SANTA MONICA AIRPORT — There should have been few complaints about aircraft noise from residents on Wednesday.
Normal operations at Santa Monica Airport (SMO) are expected to resume this morning as the Federal Aviation Administration lifts a 19-hour ban placed on all private planes in anticipation of President Obama’s arrival at LAX to attend a fundraiser for the Democratic National Committee in Beverly Hills.
The restrictions on all arrivals and departures for aircraft operated by private pilots were imposed for SMO, Los Angeles International Airport, Hawthorne Municipal Airport, Van Nuys Airport and Burbank Airport effective 1:05 p.m. on Wednesday. The flight ban will be lifted around 8 a.m. today.
“We implement flight restrictions when agencies such as fire departments, police or Secret Service ask us for safety reasons,” Ian Gregor, spokesman for the FAA, said.
Only airlines, law enforcement and air ambulance aircraft were permitted to fly within a 12-mile radius of SMO. Pilots who violate the restrictions would be subject to FAA sanctions and criminal charges.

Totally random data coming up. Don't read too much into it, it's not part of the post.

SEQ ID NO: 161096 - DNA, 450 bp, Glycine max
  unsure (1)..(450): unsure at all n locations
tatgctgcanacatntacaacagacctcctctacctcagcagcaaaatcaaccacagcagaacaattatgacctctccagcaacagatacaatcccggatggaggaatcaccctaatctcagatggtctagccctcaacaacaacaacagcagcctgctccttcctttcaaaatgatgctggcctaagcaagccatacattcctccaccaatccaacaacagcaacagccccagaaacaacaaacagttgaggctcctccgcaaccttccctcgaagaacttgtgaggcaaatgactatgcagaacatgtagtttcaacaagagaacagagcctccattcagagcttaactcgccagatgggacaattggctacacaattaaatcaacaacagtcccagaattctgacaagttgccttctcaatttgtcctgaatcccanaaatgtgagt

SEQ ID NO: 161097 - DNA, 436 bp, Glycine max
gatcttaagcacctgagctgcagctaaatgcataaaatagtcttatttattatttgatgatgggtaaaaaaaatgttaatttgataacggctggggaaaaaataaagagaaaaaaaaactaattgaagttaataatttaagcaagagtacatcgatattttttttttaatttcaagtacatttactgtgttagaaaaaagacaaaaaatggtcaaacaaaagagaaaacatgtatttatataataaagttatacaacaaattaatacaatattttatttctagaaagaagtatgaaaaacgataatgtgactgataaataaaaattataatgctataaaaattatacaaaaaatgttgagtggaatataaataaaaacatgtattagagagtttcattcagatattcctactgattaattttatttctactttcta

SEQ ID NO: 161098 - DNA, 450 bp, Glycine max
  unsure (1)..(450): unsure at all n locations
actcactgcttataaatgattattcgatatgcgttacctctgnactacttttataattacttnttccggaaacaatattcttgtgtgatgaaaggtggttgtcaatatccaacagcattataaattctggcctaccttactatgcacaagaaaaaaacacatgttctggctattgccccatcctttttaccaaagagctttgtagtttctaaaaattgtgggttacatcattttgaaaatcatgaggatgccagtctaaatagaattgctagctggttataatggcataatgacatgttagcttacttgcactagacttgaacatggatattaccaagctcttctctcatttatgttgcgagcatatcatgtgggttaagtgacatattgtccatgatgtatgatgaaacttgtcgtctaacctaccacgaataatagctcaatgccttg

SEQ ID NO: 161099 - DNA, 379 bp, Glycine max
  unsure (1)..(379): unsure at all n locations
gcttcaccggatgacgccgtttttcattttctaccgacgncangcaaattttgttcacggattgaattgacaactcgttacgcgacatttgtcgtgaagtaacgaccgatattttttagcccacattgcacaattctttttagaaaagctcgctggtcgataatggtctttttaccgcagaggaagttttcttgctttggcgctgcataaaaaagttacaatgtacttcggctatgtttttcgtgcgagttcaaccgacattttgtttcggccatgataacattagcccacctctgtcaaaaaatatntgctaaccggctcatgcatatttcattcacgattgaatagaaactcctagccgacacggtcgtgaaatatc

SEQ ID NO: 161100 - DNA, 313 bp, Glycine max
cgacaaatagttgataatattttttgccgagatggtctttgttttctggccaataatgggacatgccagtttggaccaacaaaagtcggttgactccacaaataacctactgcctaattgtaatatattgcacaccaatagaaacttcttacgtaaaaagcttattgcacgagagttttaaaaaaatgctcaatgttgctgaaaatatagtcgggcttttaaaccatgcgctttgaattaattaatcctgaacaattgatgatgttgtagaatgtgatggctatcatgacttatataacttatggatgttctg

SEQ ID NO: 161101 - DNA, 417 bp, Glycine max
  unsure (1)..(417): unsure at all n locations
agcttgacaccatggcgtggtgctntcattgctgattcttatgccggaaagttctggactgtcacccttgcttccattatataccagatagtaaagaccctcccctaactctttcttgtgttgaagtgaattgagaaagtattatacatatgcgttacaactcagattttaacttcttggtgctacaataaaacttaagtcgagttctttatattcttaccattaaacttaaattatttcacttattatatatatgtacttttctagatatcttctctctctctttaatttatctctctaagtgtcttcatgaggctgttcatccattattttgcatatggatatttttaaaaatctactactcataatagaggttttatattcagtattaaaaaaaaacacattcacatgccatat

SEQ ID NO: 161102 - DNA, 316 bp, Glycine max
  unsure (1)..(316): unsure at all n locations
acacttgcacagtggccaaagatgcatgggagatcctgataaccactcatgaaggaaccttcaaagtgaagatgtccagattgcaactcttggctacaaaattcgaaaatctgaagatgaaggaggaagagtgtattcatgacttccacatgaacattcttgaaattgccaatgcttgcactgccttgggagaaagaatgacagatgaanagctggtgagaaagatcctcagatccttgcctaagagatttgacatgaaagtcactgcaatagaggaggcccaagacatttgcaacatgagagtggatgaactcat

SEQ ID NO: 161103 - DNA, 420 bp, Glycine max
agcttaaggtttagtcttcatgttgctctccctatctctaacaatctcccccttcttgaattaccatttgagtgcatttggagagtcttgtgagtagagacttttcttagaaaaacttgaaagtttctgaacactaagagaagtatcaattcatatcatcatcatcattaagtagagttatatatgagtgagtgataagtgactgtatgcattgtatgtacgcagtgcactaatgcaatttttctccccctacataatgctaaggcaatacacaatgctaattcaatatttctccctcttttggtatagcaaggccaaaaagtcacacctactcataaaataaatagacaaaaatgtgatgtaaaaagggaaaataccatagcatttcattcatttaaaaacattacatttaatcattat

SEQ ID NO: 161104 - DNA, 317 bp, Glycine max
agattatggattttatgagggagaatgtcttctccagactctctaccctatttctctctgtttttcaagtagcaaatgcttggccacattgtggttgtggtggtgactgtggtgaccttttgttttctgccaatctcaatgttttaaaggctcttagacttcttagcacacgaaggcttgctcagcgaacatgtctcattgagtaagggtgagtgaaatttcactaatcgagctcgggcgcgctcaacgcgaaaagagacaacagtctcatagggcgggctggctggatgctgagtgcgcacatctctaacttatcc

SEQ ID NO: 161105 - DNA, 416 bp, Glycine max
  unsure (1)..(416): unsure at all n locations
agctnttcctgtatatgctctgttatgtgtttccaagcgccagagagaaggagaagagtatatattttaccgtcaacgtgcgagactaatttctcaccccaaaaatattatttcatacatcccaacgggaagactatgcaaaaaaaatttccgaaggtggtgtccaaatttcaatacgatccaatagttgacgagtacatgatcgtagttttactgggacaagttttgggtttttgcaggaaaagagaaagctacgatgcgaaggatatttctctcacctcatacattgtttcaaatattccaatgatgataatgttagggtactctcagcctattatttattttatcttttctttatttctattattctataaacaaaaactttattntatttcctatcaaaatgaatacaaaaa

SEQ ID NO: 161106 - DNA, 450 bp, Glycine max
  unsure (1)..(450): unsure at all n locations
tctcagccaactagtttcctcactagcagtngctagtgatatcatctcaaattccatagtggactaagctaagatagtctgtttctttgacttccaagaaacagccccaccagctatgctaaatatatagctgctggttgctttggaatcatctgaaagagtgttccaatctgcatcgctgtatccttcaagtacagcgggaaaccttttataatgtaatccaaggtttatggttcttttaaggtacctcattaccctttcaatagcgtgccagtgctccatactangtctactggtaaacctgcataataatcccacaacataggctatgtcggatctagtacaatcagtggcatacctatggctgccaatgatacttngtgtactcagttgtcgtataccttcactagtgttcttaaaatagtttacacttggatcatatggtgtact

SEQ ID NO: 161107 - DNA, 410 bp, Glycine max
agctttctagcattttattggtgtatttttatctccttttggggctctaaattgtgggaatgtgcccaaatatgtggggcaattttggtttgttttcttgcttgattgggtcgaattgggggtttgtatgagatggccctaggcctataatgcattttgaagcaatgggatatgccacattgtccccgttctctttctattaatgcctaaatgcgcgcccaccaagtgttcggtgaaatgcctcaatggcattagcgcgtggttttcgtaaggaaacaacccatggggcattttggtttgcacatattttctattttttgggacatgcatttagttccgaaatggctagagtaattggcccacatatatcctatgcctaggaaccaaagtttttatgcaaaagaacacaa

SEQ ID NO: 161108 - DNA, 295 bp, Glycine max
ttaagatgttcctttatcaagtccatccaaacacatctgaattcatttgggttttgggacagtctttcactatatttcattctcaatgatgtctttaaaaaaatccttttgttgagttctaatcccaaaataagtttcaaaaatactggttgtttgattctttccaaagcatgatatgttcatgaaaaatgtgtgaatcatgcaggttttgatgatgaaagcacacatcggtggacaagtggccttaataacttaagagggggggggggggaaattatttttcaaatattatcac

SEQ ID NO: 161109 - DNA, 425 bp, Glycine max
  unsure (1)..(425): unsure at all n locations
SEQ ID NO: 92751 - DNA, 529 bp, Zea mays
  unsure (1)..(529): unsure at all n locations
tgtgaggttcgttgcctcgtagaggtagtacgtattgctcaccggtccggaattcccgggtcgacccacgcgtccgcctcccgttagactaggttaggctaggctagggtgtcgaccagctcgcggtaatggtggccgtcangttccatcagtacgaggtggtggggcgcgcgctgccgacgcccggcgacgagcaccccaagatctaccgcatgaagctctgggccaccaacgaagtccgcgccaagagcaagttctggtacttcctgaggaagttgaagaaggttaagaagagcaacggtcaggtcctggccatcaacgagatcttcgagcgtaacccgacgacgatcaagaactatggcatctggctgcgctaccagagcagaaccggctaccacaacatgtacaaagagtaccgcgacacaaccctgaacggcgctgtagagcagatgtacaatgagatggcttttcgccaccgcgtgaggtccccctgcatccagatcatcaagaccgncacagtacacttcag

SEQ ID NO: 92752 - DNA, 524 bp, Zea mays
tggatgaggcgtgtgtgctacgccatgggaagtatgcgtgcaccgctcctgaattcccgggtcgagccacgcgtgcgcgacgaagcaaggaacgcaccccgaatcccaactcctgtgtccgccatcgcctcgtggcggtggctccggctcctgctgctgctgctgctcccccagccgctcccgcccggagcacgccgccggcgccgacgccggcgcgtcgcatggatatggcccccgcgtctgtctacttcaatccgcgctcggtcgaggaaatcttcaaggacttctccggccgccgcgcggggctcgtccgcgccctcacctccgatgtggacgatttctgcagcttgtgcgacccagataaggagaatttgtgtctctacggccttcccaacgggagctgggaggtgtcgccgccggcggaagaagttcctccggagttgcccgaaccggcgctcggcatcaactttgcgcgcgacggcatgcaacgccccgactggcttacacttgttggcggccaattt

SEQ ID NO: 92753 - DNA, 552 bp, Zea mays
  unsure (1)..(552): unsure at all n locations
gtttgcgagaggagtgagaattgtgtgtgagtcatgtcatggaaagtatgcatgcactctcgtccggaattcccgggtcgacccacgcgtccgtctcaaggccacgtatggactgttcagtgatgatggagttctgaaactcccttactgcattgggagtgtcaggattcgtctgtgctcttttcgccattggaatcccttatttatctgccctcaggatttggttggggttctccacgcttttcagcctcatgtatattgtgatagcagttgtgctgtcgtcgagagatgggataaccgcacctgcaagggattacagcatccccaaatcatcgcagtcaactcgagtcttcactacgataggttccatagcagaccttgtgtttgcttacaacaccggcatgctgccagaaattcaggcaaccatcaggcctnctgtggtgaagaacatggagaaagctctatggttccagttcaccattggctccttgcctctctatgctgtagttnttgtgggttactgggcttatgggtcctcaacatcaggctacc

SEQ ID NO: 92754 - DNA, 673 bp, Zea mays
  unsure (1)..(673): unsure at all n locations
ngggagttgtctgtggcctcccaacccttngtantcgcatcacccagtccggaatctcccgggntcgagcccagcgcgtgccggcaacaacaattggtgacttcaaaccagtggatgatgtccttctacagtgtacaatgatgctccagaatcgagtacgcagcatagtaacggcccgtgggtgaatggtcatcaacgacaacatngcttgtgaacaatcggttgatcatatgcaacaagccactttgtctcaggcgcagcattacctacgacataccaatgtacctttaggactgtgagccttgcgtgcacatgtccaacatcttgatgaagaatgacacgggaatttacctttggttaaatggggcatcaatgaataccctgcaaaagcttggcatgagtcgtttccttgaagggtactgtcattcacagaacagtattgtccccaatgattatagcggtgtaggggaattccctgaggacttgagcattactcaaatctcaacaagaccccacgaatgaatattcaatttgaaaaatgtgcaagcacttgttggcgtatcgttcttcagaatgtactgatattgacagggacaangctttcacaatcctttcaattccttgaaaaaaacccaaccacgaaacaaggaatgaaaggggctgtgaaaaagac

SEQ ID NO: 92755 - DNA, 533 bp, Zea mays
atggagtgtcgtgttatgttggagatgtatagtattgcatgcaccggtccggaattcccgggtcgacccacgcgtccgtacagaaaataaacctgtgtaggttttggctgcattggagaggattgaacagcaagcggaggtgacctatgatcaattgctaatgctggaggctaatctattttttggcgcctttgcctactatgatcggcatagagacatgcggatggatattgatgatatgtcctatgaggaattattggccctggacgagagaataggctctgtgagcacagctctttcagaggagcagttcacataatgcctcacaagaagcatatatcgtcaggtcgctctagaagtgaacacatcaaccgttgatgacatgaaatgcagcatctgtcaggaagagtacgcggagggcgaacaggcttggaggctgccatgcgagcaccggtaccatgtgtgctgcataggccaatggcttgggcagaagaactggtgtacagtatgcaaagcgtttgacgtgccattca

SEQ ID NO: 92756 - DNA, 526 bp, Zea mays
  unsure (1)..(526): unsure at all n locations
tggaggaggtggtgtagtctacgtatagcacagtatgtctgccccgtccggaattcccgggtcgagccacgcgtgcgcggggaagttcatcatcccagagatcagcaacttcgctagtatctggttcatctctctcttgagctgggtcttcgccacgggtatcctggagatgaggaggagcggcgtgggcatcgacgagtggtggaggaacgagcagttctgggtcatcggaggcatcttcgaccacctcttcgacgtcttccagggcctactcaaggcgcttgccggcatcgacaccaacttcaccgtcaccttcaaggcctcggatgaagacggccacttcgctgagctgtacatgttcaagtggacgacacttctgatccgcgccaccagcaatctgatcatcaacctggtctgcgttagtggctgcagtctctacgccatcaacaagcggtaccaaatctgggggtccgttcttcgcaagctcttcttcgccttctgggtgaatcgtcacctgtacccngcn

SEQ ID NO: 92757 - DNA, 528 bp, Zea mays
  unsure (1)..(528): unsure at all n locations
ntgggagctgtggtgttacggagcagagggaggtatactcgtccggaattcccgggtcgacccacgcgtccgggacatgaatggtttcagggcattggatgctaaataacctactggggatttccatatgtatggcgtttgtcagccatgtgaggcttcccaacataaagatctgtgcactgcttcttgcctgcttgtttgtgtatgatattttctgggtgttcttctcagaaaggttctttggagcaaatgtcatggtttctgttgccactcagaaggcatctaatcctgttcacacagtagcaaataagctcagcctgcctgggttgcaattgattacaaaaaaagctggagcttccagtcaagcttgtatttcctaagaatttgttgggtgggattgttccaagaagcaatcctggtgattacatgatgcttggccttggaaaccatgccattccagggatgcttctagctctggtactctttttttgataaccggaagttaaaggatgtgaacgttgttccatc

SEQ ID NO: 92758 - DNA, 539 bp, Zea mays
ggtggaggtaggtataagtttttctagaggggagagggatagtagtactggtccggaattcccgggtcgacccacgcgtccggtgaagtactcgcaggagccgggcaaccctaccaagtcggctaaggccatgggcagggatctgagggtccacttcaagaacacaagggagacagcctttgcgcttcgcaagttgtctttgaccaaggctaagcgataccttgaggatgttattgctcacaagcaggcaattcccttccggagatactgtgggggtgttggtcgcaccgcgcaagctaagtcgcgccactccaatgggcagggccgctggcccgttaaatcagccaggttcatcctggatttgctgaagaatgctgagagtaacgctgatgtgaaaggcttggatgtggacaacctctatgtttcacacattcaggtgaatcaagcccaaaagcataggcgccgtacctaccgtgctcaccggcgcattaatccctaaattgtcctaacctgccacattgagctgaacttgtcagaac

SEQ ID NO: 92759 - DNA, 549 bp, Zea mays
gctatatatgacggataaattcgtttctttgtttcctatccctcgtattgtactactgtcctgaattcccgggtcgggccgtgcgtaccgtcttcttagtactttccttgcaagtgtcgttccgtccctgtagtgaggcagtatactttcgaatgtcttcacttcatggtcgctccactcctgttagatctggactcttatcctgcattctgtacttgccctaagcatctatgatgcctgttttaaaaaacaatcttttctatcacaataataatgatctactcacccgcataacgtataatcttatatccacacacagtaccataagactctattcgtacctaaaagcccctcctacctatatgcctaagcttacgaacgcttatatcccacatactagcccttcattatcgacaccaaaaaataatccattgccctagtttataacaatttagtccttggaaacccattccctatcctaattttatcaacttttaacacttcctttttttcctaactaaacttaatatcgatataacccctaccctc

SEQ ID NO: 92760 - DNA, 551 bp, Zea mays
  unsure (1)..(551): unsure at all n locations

There are approximately 156 arrivals every day at SMO and 13 every hour. The airport also on average brings in more than $1,200 a day from landing fees, which are set depending on the weight of a plane.
Bob Trimborn, the airport manager, said that he expects pilots will wait out the ban and fly the following day.
“If people want to come here, they will wait until (the restrictions) are lifted,” he said. “It might be a wash at the end.”
He said that such bans are common when a president comes to town.
“The airport is near some pretty big hitters,” Trimborn said.
The result was a quiet day at Santa Monica Airport where residents have long complained about the noise from aircraft and expressed concerns about the possible dangers of jets overshooting the runway and landing homes. The latter is currently the source of an ongoing legal battle between the FAA and City Hall over an ordinance banning certain jets.
Gregor said that City Hall has yet to file an appeal to an FAA hearing officer’s recent ruling that the 2008 ordinance prohibiting categories C and D jets from the airport put the municipality in violation of its federal obligations. The deadline to file the appeal is Friday.
If the appeal is filed, the decision by the FAA’s associate administrator for policy, planning and the environment would need to be made by July 8.
The ruling would represent the FAA’s final position on the matter and could be challenged to the federal appellate court if unfavorable to City Hall.